F. Peter Phillips (commercial mediator, former Senior VP of CPR) recently had an interesting post on resolving conflicts. He frames it in from the perspective of a hospital negotiating with a misdiagnosed patient. For the details, go check it out, but I’ll re-produce the basic steps here:

  1. Taking Responsibility.  The first stage is to admit the wrongdoing, acknowledge the full consequences of your action, and express regret.  In this stage the party ceases argument or denial and adopts the posture of the complainant.
  2. Offer to Repair the Damage.  Assume not only the responsibility for the harm, but also the moral obligation to acknowledge the consequences and address them to the extent possible.  Assure the person harmed that you are prepared to make her whole without hesitation and without concern for yourself.
  3. Assure No Repetition of the Harm.  Take steps to prevent a recurrence of the conduct.  Assure the person harmed that you are not in the business of hurting people like this, that you do not regard it s a mere “cost of doing business,” and that you will do your best to prevent it happening to anyone else.
  4. Ask Forgiveness.  This is an odd stage, because its completion is not in the control of the wrongdoer, as the other three are.  It contemplates that the person hurt will recognize and accept all of the indicia of resolution set forth above, and will choose a life without remorse and vindictiveless, putting the whole matter in the past.

The four steps listed above should definitely help in an attempt to mediate a situation when you’re at fault. In my experience, I’ve seen the above strategy referred to as “Giving in to Get Your Way.” By “giving in” to an opposing party’s argument or attack it robs them of ammunition to continue to fight. For example:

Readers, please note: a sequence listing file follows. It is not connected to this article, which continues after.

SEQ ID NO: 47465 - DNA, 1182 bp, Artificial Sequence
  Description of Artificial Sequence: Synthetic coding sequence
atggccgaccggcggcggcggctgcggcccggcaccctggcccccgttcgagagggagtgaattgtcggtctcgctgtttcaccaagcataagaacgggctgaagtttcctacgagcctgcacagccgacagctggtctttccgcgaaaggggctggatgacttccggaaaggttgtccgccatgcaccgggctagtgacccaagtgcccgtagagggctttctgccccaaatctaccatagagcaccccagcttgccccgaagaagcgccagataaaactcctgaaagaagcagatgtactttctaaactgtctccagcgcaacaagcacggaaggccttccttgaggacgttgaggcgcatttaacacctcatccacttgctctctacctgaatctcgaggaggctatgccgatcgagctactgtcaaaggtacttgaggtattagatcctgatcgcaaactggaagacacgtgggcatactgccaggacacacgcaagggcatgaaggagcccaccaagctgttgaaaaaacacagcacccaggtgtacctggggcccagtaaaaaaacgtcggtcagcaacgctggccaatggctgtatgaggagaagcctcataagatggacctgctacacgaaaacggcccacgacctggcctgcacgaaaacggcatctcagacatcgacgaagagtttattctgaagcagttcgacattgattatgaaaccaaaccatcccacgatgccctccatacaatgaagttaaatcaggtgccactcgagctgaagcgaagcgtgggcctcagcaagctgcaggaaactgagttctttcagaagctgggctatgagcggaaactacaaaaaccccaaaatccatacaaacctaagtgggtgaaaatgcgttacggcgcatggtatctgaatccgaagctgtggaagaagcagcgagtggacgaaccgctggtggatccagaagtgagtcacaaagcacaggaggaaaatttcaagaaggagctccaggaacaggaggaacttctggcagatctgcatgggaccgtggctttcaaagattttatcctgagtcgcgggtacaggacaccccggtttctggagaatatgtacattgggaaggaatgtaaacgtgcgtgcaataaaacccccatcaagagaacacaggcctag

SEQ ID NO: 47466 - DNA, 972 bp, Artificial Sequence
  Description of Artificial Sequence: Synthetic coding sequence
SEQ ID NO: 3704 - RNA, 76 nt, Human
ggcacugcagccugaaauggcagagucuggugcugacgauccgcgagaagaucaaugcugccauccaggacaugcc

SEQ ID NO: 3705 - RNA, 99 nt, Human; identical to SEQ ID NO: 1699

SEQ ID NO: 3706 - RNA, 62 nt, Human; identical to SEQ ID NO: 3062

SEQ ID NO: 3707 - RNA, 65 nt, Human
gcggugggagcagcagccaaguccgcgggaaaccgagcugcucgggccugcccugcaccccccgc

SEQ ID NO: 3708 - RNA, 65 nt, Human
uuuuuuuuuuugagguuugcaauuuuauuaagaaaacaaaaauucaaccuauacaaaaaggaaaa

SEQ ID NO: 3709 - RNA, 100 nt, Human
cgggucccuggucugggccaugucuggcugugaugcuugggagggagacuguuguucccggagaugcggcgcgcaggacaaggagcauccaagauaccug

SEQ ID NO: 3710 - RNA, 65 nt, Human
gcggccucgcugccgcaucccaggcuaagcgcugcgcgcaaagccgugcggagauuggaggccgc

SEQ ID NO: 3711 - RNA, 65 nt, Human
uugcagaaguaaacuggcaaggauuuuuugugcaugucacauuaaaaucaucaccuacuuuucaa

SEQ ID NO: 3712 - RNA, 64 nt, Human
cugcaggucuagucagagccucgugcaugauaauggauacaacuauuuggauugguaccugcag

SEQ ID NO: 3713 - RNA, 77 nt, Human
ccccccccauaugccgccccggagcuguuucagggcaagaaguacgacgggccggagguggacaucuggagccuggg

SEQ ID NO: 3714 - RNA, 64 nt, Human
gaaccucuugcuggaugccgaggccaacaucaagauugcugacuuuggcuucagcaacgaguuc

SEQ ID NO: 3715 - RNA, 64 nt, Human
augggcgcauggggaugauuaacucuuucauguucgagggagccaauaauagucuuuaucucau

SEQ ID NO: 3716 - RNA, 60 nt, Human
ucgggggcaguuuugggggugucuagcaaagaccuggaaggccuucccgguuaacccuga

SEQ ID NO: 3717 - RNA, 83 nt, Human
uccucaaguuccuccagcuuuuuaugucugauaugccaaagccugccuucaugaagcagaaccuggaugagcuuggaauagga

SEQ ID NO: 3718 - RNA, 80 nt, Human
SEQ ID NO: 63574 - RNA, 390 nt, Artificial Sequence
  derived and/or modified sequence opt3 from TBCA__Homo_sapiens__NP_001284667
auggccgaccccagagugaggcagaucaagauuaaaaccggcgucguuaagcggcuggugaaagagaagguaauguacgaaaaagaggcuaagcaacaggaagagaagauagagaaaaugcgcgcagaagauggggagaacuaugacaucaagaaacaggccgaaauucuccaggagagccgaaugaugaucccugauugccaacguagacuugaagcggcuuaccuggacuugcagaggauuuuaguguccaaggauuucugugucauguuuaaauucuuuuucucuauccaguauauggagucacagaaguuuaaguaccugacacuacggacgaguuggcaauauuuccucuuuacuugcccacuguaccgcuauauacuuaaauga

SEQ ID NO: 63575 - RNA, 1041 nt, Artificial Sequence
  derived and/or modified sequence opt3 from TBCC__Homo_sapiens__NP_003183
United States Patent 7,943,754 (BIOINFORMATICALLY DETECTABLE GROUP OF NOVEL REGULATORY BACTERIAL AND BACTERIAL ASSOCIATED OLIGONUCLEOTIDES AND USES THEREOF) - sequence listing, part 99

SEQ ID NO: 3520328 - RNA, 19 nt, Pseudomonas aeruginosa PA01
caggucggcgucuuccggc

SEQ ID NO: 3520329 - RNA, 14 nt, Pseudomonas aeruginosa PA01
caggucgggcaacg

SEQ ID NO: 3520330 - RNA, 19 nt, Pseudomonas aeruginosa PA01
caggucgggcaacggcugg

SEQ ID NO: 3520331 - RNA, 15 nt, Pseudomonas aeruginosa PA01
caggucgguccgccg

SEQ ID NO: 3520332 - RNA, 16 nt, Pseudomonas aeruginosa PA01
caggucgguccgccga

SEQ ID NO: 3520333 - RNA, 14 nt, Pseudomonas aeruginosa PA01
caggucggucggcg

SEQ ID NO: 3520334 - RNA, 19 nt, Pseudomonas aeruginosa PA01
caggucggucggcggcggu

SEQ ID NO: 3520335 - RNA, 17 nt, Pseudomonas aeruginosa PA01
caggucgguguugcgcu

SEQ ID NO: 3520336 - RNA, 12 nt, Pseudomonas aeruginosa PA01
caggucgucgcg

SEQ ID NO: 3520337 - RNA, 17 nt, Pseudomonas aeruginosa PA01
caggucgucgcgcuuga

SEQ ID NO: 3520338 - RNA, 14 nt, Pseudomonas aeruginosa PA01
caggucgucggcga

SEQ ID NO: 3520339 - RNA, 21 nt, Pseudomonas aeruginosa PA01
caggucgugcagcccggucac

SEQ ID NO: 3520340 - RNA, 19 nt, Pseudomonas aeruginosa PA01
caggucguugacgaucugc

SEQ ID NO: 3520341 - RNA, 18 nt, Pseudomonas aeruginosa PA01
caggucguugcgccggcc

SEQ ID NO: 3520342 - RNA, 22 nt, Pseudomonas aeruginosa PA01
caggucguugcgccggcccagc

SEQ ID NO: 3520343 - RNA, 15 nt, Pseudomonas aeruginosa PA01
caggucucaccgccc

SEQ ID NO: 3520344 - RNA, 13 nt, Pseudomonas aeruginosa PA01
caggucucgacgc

• Adam (after some perceived slight or harm) to Bob: Bob, you’re an asshole!

Generally speaking, most people in Bob’s shoes respond with one of the usual fight, flight, or freeze responses.

  1. Fight. Bob: “Oh yeah! Well you’re a double-asshole Adam!”
  2. Flight. Bob: “Adam, I don’t have time for this now, we can deal with it later.”
  3. Freeze. Bob can only stammer as Adam continues on his tirade.

“Giving in to Get Your Way” provides another option:

  • Bob: “You’re right Adam. Sometimes my behavior can be rude or inconsiderate. I’m not perfect, none of us are y’know? What can I do to make it up to you and how can we make sure we clearly communicate in the future so we can avoid this problem coming up again?”

People tend to deflate after such a response because it doesn’t leave them with anything to attack.  By performing a bit of verbal jujitsu you’ve completely accepted their attack and re-directed it away from you and towards resolution. You’ve admitted your failing and are offering to attempt to make them whole and ensure that the activity doesn’t occur again in the future. People who are not responsive to this tactic are probably behaving irrationally and unlikely to open to resolving the conflict in a constructive manner.

Of course,  “Giving in to Get Your Way” isn’t the best or viable option for all conflicts, but it is a valuable tool to keep in mind when dealing with a conflicts or crisis management.


Your author “receiving” an attack.  Luzern, Switzerland, May 2004.


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